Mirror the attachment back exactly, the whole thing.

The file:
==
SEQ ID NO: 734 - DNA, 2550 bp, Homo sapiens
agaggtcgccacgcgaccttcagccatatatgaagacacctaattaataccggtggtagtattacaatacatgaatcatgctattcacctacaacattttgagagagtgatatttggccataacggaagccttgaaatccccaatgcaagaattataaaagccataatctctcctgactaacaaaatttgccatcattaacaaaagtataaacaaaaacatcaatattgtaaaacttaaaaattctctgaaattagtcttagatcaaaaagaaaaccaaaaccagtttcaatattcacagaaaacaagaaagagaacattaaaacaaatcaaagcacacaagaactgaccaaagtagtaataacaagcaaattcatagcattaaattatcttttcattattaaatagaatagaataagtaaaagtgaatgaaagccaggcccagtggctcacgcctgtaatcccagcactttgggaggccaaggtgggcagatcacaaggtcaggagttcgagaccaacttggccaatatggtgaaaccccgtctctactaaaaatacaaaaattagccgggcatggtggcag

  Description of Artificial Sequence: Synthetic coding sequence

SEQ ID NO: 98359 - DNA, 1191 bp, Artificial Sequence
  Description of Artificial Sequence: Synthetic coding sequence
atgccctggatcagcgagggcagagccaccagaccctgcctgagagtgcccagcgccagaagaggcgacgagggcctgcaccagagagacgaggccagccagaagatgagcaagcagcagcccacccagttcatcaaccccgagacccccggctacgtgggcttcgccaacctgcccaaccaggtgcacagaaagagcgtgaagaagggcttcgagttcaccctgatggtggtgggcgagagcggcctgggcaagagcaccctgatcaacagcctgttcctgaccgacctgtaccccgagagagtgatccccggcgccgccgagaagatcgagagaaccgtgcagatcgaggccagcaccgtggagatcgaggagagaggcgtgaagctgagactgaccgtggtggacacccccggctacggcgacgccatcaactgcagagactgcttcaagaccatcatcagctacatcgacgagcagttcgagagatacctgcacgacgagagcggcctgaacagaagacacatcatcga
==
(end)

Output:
SEQ ID NO: 734 - DNA, 2550 bp, Homo sapiens
agaggtcgccacgcgaccttcagccatatatgaagacacctaattaataccggtggtagtattacaatacatgaatcatgctattcacctacaacattttgagagagtgatatttggccataacggaagccttgaaatccccaatgcaagaattataaaagccataatctctcctgactaacaaaatttgccatcattaacaaaagtataaacaaaaacatcaatattgtaaaacttaaaaattctctgaaattagtcttagatcaaaaagaaaaccaaaaccagtttcaatattcacagaaaacaagaaagagaacattaaaacaaatcaaagcacacaagaactgaccaaagtagtaataacaagcaaattcatagcattaaattatcttttcattattaaatagaatagaataagtaaaagtgaatgaaagccaggcccagtggctcacgcctgtaatcccagcactttgggaggccaaggtgggcagatcacaaggtcaggagttcgagaccaacttggccaatatggtgaaaccccgtctctactaaaaatacaaaaattagccgggcatggtggcag

  Description of Artificial Sequence: Synthetic coding sequence

SEQ ID NO: 98359 - DNA, 1191 bp, Artificial Sequence
  Description of Artificial Sequence: Synthetic coding sequence
atgccctggatcagcgagggcagagccaccagaccctgcctgagagtgcccagcgccagaagaggcgacgagggcctgcaccagagagacgaggccagccagaagatgagcaagcagcagcccacccagttcatcaaccccgagacccccggctacgtgggcttcgccaacctgcccaaccaggtgcacagaaagagcgtgaagaagggcttcgagttcaccctgatggtggtgggcgagagcggcctgggcaagagcaccctgatcaacagcctgttcctgaccgacctgtaccccgagagagtgatccccggcgccgccgagaagatcgagagaaccgtgcagatcgaggccagcaccgtggagatcgaggagagaggcgtgaagctgagactgaccgtggtggacacccccggctacggcgacgccatcaactgcagagactgcttcaagaccatcatcagctacatcgacgagcagttcgagagatacctgcacgacgagagcggcctgaacagaagacacatcatcga